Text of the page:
NotesFAQContact Us
Search Tips
ERIC Number: ED404333
Record Type: Non-Journal
Publication Date: 1996-Apr
Pages: 27
Abstractor: N/A
Reference Count: N/A
The Problem with Power: Whose Definition? "Gendered" Language Differences on Both Personal and Organizational Factors of Power with US and Canadian Teachers.
Acker-Hocevar, Michele; And Others
This study examined participants' beliefs and practices regarding power with personal demographic variables (gender, age, degree level, and years of experience) and school-related variables (level of school employed, type of school community, and overall citizenship) on power beliefs and practices. A principal component analysis of 668 survey responses yielded 2 factors that explained 51 percent of the common variance in responses. Factor 1 consisted of 17 items and was named "organizational beliefs concerning empowerment and resource control"; factor 2 consisted of 13 items and was named "personal beliefs about accountability, responsibility, a powerful educator, and practices of power." Multivariate analysis of variance procedures were used to address three research questions. Results indicated that both national (United States and Canada) and state (Florida, Georgia, and Alabama) residence of employment and highest degree attained proved to be significant main effects on factors 1 and 2 respectively. Additionally, level of school and type of school community were significant interaction effects on both factors 1 and 2. Study results suggested that differences between females' and males' perspectives of power, which were the basis of the survey design, were minimized by the political and social contexts in which teachers were working. (Contains 52 references.) (Author/ND)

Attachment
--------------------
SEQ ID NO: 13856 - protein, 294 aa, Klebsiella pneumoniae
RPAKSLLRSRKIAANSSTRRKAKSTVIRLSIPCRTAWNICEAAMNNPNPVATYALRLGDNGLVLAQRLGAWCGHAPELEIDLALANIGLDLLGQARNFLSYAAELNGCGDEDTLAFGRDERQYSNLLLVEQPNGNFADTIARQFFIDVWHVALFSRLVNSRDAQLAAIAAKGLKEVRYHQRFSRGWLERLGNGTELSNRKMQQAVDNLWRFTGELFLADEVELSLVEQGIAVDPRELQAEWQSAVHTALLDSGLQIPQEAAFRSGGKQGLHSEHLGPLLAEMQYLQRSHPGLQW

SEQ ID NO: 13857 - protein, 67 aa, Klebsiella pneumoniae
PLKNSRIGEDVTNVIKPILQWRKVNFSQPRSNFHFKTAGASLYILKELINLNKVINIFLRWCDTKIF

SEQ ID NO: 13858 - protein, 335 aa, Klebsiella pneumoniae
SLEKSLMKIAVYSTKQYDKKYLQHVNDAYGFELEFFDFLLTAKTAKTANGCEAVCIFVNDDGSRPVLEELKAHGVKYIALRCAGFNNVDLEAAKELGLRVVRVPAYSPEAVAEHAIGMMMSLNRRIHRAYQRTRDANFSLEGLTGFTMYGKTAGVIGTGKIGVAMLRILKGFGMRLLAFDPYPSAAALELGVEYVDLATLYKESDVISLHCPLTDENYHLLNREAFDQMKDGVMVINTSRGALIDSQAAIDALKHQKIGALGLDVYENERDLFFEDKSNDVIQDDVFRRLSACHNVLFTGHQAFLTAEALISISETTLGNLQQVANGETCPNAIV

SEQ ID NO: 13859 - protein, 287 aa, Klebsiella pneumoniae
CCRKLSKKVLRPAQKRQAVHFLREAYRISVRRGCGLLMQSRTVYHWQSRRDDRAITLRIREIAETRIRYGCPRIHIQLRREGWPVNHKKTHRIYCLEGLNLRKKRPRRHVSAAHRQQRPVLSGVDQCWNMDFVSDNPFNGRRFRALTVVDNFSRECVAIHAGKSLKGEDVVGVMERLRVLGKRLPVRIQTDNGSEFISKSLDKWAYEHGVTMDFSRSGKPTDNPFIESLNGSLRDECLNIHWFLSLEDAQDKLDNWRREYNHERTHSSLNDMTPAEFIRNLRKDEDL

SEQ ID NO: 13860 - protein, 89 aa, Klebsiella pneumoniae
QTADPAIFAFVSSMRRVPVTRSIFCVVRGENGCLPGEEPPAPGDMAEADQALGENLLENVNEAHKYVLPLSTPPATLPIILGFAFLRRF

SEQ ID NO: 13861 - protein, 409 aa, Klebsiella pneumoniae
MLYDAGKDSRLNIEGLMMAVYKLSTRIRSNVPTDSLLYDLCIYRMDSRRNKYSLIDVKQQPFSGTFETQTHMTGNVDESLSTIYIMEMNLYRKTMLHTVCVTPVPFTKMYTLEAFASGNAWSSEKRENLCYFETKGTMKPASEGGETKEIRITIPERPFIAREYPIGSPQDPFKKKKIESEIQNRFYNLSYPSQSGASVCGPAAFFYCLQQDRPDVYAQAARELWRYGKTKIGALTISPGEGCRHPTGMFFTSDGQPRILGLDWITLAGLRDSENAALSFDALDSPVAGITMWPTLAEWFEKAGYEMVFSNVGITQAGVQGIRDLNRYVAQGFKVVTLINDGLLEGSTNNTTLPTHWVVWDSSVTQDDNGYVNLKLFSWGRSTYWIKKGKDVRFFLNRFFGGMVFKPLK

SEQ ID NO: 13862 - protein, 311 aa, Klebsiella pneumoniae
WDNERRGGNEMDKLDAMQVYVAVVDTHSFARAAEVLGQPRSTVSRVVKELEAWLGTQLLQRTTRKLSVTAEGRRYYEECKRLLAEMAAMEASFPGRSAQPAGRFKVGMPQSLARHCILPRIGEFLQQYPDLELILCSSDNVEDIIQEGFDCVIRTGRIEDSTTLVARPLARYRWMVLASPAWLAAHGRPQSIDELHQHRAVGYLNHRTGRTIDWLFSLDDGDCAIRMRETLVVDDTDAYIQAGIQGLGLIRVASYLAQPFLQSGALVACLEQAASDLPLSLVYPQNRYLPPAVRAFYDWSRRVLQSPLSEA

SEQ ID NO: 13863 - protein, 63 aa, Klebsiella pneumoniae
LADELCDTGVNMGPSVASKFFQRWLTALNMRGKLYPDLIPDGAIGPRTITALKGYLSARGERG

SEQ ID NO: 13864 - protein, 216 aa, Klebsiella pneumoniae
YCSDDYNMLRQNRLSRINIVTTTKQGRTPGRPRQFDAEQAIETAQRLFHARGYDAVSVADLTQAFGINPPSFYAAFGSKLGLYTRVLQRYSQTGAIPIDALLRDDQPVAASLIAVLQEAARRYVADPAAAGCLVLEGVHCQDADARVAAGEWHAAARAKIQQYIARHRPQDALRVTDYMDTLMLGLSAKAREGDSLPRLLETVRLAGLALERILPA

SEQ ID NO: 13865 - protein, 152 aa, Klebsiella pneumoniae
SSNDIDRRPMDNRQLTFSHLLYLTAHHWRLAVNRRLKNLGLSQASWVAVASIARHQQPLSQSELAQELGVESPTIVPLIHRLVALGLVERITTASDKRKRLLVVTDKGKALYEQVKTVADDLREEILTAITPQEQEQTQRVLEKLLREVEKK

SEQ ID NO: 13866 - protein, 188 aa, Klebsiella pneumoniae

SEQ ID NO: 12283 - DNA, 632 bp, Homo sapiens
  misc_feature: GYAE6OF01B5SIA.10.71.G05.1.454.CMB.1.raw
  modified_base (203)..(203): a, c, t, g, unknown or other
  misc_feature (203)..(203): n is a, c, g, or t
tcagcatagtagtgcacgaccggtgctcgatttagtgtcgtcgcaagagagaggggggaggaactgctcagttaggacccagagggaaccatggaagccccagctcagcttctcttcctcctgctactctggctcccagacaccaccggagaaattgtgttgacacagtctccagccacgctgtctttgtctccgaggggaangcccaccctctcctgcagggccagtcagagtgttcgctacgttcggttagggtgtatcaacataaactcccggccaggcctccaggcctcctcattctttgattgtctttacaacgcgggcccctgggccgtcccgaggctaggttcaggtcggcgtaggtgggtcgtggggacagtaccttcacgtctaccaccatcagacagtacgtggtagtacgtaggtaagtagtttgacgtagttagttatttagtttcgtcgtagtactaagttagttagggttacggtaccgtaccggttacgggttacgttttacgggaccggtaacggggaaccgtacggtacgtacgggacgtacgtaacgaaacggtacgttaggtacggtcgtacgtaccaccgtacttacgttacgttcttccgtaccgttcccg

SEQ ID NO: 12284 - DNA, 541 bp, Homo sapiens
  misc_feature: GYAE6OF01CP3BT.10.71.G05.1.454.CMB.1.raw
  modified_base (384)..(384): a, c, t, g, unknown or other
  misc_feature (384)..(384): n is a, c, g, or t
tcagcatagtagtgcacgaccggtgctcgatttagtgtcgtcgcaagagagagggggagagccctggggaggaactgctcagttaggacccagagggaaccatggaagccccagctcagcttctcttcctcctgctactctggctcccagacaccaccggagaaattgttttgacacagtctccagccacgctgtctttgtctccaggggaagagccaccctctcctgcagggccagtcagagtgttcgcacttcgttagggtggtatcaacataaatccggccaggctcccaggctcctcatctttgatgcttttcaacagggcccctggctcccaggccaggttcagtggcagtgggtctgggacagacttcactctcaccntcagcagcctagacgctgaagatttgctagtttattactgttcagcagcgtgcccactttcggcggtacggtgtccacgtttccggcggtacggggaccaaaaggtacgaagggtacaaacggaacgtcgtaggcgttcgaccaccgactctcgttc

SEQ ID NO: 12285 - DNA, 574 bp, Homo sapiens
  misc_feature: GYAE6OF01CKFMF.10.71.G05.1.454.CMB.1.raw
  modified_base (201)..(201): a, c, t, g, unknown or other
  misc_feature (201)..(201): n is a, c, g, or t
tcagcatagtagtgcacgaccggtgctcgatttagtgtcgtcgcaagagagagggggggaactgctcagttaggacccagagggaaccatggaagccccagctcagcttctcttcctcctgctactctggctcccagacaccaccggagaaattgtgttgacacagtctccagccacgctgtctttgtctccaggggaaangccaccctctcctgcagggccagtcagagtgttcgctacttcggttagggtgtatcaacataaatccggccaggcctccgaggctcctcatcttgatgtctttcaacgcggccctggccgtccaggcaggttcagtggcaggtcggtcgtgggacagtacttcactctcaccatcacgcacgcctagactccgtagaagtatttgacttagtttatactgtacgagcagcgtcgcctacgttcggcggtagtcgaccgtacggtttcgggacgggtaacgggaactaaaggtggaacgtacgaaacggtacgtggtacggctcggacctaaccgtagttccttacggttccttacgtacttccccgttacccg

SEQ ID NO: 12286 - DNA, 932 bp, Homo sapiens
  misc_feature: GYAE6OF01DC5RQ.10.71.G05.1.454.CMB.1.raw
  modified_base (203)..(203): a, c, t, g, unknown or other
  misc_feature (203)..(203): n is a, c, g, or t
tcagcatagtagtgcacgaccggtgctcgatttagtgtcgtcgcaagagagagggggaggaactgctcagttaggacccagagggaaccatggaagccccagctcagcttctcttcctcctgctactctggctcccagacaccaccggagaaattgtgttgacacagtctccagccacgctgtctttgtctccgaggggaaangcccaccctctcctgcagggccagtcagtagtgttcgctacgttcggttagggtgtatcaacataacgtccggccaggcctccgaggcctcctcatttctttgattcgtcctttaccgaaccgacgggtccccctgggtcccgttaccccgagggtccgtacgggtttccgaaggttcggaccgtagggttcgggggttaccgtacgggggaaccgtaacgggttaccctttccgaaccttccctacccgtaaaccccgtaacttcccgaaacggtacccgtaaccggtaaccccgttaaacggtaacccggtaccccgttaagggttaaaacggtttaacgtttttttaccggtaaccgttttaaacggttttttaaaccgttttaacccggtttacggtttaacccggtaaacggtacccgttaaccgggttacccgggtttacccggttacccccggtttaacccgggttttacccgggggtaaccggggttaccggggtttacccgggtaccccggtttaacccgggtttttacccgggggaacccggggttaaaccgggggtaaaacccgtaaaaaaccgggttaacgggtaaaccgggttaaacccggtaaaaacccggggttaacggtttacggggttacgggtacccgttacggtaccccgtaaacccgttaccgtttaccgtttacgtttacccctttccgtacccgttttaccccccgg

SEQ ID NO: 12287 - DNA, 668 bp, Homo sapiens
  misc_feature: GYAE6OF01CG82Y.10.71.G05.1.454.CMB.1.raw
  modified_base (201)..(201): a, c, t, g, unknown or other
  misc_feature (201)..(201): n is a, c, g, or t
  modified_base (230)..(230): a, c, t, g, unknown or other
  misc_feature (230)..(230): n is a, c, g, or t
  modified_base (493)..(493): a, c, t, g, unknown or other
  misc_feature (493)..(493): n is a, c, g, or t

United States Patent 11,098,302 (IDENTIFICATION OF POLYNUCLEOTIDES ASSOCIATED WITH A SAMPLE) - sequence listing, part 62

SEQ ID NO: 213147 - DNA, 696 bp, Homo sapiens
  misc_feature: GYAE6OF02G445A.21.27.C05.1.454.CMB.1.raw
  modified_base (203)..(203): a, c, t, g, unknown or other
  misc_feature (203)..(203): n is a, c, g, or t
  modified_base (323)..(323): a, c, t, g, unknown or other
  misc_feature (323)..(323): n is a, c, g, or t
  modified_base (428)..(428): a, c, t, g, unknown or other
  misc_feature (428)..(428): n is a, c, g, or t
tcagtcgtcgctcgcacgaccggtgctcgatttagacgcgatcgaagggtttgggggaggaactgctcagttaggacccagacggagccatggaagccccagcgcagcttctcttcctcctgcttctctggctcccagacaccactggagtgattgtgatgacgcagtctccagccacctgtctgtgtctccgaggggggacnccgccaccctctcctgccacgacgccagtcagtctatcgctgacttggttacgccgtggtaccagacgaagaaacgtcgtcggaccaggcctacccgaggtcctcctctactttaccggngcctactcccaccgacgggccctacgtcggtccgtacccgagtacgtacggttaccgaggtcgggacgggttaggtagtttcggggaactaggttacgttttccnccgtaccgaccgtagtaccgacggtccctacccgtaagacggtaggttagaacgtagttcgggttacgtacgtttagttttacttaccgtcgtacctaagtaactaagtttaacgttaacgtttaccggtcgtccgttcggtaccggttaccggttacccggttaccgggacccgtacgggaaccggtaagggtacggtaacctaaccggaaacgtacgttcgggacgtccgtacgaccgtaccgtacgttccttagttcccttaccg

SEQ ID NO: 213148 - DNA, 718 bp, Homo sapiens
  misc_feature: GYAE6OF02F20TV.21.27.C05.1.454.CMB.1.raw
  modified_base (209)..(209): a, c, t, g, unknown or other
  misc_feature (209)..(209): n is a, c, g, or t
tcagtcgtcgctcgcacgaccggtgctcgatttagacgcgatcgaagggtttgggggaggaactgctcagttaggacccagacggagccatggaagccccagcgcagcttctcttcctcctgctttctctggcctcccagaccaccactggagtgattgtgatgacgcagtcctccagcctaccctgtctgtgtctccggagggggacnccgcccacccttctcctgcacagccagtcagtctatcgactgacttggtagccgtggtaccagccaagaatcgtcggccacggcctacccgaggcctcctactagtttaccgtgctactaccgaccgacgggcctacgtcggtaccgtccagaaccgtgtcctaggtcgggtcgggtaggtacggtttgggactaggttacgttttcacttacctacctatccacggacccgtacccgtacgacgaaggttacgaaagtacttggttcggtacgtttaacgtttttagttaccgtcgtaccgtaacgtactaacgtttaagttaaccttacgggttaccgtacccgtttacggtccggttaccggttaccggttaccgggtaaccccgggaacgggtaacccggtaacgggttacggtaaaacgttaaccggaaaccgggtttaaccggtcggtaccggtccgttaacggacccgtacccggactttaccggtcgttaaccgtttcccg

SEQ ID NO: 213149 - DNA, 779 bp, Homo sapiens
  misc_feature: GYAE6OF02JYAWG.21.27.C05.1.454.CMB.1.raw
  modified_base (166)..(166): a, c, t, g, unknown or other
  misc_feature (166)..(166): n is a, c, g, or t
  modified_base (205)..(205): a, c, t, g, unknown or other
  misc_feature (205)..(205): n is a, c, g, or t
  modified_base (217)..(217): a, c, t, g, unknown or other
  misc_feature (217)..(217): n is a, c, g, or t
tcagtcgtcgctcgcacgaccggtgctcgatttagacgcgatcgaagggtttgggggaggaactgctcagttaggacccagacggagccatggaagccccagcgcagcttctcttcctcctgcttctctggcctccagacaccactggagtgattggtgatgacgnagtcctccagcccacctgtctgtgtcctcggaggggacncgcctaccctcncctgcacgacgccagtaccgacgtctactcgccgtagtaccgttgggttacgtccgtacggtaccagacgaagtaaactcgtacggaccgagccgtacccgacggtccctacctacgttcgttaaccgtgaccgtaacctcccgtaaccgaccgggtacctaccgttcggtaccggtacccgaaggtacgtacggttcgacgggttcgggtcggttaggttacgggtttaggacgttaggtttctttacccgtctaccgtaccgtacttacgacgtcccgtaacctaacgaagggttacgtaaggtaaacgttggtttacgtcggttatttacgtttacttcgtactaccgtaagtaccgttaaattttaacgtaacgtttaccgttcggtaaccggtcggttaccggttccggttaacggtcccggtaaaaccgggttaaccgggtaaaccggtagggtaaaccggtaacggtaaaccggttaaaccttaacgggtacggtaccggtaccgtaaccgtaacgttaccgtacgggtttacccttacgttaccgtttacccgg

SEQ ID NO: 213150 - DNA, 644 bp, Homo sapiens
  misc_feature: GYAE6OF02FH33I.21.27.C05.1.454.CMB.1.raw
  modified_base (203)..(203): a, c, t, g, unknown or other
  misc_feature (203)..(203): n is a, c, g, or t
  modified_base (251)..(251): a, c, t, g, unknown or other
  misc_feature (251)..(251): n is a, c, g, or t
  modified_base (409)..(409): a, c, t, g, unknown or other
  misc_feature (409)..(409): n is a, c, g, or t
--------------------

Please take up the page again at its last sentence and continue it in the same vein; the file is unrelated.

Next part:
Publication Type: Reports - Research; Speeches/Meeting Papers
Education Level: N/A
Audience: N/A
Language: English
Sponsor: N/A
Authoring Institution: N/A
Identifiers - Location: Canada